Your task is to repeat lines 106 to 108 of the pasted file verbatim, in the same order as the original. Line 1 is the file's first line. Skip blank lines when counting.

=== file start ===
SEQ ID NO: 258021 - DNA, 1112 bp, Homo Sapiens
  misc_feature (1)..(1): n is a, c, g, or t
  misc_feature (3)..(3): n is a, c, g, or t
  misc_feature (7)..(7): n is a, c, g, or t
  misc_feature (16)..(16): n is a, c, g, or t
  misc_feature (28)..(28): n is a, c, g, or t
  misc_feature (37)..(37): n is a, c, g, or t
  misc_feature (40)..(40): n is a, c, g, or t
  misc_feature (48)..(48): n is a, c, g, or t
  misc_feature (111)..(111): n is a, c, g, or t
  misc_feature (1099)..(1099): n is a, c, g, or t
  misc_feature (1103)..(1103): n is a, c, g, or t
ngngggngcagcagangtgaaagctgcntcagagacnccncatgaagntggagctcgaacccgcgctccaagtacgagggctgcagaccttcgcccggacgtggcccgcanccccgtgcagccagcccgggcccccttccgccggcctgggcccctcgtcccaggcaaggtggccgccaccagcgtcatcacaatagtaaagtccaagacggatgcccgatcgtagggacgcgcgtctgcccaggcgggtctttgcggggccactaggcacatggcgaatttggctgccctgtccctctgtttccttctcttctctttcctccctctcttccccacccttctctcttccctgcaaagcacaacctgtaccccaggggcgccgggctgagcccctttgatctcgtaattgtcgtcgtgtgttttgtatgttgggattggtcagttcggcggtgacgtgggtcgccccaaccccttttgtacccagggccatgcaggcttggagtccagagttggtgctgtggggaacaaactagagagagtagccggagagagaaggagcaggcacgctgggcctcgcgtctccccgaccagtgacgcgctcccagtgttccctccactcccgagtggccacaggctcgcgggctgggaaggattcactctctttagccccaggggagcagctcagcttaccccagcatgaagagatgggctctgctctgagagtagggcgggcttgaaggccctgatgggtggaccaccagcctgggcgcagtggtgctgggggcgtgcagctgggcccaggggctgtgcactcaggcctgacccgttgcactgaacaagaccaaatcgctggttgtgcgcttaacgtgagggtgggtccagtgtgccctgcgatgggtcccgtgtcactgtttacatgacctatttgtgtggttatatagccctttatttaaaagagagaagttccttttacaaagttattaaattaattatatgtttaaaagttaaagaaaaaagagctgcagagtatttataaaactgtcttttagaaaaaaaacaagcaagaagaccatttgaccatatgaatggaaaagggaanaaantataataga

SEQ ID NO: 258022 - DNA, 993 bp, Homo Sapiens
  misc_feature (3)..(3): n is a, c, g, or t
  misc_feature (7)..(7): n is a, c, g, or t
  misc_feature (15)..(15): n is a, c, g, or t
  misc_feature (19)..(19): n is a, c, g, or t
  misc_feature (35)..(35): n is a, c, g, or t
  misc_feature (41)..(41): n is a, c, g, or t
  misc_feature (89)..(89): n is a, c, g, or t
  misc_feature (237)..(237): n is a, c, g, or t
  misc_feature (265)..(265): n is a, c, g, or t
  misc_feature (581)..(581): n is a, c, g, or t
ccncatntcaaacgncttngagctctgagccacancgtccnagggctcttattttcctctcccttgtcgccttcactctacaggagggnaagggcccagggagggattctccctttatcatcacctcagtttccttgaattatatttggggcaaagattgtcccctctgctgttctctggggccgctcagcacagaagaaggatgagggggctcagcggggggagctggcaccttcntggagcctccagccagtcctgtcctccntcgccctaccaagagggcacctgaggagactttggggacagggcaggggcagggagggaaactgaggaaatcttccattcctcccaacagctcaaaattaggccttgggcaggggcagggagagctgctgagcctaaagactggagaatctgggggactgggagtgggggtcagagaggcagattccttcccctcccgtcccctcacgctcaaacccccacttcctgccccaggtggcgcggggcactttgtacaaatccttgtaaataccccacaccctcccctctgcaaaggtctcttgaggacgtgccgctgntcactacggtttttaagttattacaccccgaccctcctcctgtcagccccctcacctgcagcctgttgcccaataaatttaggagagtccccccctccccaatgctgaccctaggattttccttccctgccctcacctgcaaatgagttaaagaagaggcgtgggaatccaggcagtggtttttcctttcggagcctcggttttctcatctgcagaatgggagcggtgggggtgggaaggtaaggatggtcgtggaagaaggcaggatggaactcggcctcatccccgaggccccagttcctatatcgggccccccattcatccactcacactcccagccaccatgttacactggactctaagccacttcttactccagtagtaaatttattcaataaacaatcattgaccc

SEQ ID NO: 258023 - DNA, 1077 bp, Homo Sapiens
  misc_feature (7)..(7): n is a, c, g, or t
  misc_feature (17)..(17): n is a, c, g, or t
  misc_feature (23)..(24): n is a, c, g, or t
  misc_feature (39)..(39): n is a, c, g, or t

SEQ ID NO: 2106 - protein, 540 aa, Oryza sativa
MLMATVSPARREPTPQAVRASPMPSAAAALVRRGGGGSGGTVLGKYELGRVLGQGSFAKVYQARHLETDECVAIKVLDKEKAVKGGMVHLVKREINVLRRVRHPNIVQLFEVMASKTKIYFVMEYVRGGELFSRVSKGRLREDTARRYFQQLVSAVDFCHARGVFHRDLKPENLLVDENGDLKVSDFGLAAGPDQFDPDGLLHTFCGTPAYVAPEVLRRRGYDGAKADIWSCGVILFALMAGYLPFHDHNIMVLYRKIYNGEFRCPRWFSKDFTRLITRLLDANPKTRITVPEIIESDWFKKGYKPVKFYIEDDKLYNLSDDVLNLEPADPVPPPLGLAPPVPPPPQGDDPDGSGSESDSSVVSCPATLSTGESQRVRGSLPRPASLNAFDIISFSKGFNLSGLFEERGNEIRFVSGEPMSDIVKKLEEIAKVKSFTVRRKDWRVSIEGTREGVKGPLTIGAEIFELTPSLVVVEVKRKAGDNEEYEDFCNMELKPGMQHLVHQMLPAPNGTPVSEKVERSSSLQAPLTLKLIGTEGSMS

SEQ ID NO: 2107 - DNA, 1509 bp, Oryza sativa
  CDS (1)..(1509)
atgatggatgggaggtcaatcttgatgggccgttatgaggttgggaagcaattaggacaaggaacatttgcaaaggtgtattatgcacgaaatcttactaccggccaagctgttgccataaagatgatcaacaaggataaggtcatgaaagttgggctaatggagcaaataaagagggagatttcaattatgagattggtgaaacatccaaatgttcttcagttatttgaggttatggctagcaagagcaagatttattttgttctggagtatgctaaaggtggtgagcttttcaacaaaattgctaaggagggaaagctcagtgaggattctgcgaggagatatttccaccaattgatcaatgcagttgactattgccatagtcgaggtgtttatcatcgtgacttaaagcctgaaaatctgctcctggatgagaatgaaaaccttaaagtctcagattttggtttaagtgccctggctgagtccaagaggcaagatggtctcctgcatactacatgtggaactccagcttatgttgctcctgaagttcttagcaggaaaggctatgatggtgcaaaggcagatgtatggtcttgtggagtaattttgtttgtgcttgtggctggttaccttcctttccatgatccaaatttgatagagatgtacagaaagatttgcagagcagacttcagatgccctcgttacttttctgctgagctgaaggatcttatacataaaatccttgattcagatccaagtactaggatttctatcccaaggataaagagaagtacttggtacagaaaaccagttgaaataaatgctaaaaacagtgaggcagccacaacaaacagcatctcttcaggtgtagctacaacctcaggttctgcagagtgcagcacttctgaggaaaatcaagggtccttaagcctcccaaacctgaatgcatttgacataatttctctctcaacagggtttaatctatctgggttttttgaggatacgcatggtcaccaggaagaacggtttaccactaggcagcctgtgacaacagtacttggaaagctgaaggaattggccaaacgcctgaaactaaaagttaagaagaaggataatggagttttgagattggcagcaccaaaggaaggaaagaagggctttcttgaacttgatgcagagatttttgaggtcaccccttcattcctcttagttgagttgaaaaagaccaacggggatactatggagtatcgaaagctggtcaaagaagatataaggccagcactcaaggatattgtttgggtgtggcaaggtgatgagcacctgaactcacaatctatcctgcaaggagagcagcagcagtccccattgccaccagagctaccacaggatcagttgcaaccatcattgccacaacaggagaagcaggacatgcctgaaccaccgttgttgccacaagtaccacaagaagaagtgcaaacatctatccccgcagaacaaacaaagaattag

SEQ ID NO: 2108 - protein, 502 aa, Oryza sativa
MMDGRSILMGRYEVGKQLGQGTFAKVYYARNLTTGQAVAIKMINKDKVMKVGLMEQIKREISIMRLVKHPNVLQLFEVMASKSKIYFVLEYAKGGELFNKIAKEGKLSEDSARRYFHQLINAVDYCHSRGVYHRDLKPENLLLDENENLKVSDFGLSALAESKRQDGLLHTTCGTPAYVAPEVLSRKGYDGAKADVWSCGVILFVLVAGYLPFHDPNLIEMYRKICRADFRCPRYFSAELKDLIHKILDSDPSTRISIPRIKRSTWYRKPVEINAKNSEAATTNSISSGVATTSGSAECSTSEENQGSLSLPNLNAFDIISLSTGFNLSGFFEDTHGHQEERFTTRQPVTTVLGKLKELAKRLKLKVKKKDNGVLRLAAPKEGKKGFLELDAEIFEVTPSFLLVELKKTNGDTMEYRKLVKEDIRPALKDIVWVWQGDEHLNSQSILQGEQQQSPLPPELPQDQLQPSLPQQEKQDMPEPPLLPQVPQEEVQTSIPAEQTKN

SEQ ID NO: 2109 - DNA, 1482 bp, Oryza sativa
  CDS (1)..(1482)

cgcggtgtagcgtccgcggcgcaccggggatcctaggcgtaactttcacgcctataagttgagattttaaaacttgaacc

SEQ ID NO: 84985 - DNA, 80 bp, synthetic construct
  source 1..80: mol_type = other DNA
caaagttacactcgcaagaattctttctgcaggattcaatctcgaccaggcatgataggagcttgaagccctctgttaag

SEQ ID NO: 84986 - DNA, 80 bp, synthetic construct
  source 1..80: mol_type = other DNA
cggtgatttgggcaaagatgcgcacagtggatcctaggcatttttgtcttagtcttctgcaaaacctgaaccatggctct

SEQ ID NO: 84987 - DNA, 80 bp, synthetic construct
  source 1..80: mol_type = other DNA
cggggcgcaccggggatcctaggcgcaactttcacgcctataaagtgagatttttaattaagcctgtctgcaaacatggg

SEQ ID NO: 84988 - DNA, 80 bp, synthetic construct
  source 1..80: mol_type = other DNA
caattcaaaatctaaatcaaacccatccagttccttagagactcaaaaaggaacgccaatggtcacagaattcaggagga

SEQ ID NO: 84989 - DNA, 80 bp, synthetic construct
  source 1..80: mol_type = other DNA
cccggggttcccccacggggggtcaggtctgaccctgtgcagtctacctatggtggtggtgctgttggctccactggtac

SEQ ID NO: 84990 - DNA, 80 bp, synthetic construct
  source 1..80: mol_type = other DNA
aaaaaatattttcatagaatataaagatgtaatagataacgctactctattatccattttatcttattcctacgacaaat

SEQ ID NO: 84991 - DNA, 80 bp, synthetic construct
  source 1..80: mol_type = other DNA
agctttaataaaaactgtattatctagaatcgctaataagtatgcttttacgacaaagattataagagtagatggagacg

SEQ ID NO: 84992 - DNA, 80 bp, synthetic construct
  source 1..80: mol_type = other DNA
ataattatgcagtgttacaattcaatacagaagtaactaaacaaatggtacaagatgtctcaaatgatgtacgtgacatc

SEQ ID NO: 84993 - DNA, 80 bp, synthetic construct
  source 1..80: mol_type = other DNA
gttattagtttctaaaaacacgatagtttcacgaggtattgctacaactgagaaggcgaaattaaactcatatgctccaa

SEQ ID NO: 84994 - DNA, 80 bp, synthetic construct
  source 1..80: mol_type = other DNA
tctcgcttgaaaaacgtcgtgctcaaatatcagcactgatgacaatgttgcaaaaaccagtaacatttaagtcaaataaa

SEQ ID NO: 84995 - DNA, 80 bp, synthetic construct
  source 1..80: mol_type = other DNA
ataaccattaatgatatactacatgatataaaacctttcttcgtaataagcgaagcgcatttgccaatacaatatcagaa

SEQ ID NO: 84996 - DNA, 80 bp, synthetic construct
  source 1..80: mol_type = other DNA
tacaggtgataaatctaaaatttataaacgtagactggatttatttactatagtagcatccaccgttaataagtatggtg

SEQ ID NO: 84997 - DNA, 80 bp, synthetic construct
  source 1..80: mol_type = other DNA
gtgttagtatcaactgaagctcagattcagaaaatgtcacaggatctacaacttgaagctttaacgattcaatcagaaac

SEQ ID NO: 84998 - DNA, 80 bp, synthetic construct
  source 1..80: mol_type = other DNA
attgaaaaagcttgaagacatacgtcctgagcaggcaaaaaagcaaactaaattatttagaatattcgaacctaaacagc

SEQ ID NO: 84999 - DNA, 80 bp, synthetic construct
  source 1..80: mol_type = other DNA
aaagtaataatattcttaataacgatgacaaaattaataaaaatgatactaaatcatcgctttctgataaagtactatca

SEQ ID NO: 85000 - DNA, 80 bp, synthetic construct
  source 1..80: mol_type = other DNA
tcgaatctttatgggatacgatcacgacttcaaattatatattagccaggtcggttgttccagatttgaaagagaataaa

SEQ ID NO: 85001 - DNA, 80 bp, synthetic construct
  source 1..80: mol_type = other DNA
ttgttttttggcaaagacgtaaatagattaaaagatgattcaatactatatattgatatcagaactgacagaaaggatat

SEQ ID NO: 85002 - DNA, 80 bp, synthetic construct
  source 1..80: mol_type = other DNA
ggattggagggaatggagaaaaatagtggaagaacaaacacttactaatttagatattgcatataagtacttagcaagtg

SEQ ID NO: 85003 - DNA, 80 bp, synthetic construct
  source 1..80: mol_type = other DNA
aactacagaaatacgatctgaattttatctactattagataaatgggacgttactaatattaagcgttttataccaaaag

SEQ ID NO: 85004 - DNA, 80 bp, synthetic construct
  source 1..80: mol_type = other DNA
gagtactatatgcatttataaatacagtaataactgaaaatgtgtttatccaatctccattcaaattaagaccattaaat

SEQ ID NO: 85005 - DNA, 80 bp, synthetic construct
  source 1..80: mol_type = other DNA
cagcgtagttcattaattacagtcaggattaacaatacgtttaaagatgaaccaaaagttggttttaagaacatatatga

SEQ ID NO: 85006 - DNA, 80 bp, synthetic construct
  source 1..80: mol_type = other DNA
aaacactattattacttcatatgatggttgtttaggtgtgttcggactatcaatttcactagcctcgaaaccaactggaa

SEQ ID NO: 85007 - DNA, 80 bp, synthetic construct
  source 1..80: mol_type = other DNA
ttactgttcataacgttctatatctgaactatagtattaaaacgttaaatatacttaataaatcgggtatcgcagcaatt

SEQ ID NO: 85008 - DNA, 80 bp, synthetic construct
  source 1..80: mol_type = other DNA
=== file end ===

aaacactattattacttcatatgatggttgtttaggtgtgttcggactatcaatttcactagcctcgaaaccaactggaa

SEQ ID NO: 85007 - DNA, 80 bp, synthetic construct
  source 1..80: mol_type = other DNA